So Grooveshark had to shut down after battling it out in courts for years and continuing operations in the meantime.
With the site down, existing users may take the suggestions into account that the Grooveshark team posted on the official website or, look for alternatives elsewhere.
One of the better ones -- in my opinion -- that not many may have on the radar at all is NetEase Music. The biggest caveat right now is that it is a Chinese site with no English translation.
While it can be difficult at first to find your way around the site, automatic translation of the interface may help with that.
If you are using Google Chrome you get that right away while Firefox users may want to use Quick Translator or one of the other add-ons available for the browser that add translation capabilities to it.
Once you get accustomed to the site you will notice that it has a lot to offer. First, you can play music right away without registration or geo-restrictions. (Note: I cannot possible test access to the service from all regions of the world but as it stands, it seems free of any restrictions).
Just click on any song, album or playlist to play it right in the interface. While a focus of the site is Chinese and Japanese music, you will find Western artists and bands supported as well.
A search for Enimen for instance returns 300 singles, links to the artists profile on the site and highlights related artists on top of that.
If you select Find Music > Leaderboard, you find various playlists that may be of interest. For instance, you find listed there UK and US Billboard charts as well as iTunes charts among others.
To start playing all songs simply select the playlist you are interested in and hit the play button afterwards.
There is also lyrics and playlists. If you click on the paylist icon when a song is playing you get lyrics that play along with the song so that you can sing along if you want.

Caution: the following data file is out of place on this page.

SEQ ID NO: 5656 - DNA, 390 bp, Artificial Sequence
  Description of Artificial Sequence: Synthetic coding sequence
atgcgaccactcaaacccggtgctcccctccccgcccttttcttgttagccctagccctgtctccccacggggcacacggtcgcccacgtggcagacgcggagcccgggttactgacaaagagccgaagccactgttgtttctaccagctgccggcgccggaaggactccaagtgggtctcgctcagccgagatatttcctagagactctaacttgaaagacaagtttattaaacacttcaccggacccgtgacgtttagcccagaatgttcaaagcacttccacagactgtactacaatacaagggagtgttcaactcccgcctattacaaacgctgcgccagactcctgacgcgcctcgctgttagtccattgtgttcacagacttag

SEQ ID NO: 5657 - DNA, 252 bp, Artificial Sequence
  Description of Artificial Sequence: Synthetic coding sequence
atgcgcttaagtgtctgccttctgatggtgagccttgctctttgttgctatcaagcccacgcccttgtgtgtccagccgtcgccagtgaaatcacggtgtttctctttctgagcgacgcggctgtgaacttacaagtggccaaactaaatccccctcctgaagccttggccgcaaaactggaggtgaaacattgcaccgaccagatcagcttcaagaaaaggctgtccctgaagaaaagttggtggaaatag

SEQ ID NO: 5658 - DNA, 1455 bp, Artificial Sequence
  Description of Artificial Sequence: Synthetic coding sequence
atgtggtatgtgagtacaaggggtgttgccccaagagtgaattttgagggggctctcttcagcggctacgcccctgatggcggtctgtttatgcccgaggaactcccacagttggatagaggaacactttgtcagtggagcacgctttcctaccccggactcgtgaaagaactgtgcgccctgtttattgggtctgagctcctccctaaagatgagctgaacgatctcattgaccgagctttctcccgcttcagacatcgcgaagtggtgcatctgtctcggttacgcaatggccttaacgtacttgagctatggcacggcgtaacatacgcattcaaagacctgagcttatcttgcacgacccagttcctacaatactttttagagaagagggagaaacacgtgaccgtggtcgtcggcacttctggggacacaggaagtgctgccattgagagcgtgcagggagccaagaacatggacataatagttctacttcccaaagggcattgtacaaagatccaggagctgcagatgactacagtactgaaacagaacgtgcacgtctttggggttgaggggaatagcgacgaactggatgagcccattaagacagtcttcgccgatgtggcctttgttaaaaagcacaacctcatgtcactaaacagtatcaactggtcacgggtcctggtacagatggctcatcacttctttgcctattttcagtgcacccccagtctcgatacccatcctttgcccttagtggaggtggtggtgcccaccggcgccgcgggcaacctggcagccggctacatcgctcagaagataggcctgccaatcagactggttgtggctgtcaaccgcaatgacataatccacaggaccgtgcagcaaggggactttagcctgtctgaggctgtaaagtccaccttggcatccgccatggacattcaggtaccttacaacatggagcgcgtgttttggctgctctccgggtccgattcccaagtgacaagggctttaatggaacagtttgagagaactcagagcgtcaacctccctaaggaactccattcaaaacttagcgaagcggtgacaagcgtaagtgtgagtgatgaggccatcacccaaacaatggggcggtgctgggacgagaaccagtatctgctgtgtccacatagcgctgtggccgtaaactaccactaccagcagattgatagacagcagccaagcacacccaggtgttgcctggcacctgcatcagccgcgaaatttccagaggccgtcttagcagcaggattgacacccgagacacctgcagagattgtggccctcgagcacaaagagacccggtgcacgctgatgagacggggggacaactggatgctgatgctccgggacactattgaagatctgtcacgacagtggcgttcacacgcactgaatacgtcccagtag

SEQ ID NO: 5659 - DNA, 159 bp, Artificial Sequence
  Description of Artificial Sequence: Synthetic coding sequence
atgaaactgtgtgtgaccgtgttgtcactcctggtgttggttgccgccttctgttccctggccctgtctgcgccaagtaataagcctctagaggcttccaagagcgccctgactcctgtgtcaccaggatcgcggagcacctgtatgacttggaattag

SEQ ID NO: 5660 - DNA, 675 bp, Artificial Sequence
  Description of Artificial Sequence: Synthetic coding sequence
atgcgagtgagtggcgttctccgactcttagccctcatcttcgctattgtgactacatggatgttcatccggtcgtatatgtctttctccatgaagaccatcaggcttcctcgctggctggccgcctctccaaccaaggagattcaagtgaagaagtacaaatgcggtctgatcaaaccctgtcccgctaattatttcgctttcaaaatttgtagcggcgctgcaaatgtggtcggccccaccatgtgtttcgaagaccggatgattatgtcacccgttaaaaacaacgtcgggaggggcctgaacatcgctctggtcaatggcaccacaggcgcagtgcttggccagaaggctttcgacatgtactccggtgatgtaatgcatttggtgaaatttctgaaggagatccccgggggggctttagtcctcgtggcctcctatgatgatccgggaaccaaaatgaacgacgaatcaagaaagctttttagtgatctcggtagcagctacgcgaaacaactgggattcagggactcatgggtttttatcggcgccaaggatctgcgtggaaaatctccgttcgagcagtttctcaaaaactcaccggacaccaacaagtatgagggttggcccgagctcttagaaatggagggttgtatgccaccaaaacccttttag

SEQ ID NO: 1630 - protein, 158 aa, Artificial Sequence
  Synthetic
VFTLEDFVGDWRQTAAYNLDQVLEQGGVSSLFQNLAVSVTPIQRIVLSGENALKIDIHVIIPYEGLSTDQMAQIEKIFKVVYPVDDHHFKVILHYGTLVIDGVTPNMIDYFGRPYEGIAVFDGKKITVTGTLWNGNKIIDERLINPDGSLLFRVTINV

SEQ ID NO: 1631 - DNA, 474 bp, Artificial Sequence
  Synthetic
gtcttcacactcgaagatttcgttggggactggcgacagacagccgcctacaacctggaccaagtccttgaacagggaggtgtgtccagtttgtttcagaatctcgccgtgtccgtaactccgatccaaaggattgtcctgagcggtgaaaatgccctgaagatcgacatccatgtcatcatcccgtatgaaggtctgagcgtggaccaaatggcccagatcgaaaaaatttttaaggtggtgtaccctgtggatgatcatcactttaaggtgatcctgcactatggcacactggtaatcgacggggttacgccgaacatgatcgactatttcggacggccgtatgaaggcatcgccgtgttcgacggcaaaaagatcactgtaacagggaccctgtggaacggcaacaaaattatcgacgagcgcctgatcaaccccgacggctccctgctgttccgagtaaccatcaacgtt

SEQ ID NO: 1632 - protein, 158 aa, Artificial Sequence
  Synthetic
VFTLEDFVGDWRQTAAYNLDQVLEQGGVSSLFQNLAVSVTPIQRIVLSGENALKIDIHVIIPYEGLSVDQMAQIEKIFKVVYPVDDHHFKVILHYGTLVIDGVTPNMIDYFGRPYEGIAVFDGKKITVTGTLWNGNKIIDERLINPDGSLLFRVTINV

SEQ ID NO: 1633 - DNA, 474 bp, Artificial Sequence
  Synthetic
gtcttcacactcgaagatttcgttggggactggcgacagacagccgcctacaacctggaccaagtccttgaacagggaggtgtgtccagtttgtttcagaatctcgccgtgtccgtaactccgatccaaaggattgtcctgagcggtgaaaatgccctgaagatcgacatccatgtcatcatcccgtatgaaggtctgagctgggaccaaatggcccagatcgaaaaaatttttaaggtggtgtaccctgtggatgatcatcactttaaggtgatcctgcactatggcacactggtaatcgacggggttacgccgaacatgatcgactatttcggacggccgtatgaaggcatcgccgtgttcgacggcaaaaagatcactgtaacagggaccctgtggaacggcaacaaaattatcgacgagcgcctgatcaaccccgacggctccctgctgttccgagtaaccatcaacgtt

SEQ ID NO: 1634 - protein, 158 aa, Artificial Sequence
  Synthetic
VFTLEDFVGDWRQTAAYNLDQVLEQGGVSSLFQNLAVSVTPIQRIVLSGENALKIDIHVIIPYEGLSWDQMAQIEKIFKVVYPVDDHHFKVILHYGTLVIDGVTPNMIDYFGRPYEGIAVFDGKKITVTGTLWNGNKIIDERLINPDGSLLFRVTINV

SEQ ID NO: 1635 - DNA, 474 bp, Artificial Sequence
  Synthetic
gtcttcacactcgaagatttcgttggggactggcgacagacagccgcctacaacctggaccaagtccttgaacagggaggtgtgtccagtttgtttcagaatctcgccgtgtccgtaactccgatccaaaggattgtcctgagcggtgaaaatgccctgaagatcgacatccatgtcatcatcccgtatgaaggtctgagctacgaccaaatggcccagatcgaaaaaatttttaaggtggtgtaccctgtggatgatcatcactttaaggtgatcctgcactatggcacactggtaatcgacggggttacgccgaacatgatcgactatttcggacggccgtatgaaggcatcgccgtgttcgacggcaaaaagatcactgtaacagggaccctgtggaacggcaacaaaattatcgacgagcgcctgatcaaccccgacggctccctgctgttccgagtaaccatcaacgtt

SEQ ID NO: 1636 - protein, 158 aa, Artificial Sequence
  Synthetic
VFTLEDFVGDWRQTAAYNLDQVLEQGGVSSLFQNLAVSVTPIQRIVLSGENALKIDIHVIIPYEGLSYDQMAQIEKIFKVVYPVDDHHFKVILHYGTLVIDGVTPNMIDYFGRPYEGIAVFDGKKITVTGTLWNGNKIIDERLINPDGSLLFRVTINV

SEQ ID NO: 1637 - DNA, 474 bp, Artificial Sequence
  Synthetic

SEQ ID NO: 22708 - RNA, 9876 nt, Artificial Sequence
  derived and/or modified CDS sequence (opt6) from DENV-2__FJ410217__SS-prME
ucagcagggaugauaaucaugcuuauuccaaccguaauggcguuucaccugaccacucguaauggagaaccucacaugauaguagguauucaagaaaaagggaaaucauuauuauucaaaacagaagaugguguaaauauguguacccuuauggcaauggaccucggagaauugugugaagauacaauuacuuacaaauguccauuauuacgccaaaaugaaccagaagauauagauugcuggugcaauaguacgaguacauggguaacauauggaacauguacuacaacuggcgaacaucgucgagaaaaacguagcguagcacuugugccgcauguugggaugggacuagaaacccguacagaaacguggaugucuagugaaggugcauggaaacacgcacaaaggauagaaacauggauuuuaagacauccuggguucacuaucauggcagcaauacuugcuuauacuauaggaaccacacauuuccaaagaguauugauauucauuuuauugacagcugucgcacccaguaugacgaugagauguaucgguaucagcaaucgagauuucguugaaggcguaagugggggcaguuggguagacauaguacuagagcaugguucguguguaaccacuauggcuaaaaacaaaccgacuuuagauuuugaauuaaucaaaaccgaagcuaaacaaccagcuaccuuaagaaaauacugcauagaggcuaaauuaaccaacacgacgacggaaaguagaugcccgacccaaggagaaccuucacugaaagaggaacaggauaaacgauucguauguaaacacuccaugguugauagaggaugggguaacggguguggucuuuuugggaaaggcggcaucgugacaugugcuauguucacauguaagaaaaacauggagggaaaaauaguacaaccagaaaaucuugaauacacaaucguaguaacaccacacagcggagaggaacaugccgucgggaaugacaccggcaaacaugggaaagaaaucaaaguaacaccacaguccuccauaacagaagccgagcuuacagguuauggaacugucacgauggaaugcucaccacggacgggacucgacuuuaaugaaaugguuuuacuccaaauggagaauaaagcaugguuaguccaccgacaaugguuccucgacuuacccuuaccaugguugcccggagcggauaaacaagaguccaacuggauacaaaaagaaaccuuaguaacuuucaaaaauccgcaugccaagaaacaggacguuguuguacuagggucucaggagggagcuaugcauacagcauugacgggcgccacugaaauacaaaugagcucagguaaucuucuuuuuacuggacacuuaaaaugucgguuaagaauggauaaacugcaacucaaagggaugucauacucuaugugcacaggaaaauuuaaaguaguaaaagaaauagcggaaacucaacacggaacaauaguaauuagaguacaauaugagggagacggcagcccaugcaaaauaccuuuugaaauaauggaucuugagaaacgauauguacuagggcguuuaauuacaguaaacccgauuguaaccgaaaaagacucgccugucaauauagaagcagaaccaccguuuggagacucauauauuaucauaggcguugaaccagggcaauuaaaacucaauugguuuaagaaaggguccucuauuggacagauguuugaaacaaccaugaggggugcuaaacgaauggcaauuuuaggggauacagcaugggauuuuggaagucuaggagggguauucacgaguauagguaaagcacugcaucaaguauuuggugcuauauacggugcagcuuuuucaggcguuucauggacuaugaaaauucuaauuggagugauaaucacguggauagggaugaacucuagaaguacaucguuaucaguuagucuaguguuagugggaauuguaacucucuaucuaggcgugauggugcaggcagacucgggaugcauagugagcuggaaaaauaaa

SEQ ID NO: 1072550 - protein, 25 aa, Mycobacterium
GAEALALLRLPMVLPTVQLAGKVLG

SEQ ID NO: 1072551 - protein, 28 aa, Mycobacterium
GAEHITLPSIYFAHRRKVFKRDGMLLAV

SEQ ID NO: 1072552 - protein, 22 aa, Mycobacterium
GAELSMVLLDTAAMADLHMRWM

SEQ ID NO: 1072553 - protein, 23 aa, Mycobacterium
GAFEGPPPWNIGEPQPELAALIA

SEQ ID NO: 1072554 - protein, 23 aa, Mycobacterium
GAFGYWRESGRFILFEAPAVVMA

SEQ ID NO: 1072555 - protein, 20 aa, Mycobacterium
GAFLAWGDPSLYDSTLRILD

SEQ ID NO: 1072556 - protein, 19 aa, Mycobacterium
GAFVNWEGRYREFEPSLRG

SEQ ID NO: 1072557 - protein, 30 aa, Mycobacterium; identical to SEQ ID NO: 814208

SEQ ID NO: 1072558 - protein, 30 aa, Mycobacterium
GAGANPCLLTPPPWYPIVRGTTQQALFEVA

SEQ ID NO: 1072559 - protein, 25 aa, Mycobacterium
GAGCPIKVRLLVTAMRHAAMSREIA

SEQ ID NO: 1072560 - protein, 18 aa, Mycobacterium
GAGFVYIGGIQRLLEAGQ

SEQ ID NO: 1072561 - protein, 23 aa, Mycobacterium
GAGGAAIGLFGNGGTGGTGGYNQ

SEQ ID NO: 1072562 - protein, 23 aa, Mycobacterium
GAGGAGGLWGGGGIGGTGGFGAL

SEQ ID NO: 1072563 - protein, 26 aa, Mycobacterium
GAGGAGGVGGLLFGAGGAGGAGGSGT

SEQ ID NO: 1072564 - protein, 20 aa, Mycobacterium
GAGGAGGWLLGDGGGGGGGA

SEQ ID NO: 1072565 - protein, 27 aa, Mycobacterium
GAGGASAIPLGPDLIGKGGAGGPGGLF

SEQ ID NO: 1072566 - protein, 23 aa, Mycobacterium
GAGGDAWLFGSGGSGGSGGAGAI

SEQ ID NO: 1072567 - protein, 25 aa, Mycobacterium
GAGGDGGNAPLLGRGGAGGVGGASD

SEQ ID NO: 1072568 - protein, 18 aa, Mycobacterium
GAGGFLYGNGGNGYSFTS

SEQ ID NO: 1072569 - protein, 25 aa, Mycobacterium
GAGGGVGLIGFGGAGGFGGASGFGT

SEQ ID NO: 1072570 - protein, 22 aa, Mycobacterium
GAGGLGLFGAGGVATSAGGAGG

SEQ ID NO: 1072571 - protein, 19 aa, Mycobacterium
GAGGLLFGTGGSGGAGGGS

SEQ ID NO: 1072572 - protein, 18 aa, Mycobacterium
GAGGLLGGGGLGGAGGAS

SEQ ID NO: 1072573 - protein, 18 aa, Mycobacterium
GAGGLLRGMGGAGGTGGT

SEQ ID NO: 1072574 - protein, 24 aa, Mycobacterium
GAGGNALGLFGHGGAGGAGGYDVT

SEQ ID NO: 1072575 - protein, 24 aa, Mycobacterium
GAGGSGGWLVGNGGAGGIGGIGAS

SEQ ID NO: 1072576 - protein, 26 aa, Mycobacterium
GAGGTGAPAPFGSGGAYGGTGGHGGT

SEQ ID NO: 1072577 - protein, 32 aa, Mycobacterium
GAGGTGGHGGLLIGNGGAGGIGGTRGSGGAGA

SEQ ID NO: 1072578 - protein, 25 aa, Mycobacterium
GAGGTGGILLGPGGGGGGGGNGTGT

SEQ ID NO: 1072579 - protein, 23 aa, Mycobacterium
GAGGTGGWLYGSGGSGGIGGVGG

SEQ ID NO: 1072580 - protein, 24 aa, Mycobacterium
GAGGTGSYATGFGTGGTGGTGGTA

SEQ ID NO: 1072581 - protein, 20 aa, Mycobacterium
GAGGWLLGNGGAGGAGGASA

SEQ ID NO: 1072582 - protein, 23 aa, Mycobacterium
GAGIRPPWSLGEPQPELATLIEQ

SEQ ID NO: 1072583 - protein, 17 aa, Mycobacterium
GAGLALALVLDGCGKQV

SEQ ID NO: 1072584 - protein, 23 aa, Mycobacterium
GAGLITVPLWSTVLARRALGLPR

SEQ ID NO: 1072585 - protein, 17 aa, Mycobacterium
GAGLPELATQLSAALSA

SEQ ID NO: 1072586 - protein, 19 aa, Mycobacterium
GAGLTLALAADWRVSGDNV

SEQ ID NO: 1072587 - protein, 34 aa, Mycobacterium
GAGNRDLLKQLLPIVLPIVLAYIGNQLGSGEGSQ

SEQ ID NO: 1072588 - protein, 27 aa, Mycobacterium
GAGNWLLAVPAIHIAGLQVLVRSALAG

The site offers apps and desktop programs that you can download and install on your systems. According to information on the download page, it features more than one million 320 Kbps tracks alone without mentioning whether lower quality tracks are available on top of that.
The program brings the service to your desktop. It is difficult to understand what is going on as it is only available in Chinese and without translation options. Still, you can use the search at the top to find tracks or artists and play the tracks directly in the program.
The language barrier may keep you from using all site features but the ones that are available for free are definitely worth a closer look.
While you won't find as many songs as on YouTube, the selection is quite excellent especially if you are into contemporary music or Chinese/Japanese/Korean music as you get a lot of those.
All in all an excellent music resource that is as unrestricted as it gets.
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Ghacks is a technology news blog that was founded in 2005 by Martin Brinkmann. It has since then become one of the most popular tech news sites on the Internet with five authors and regular contributions from freelance writers.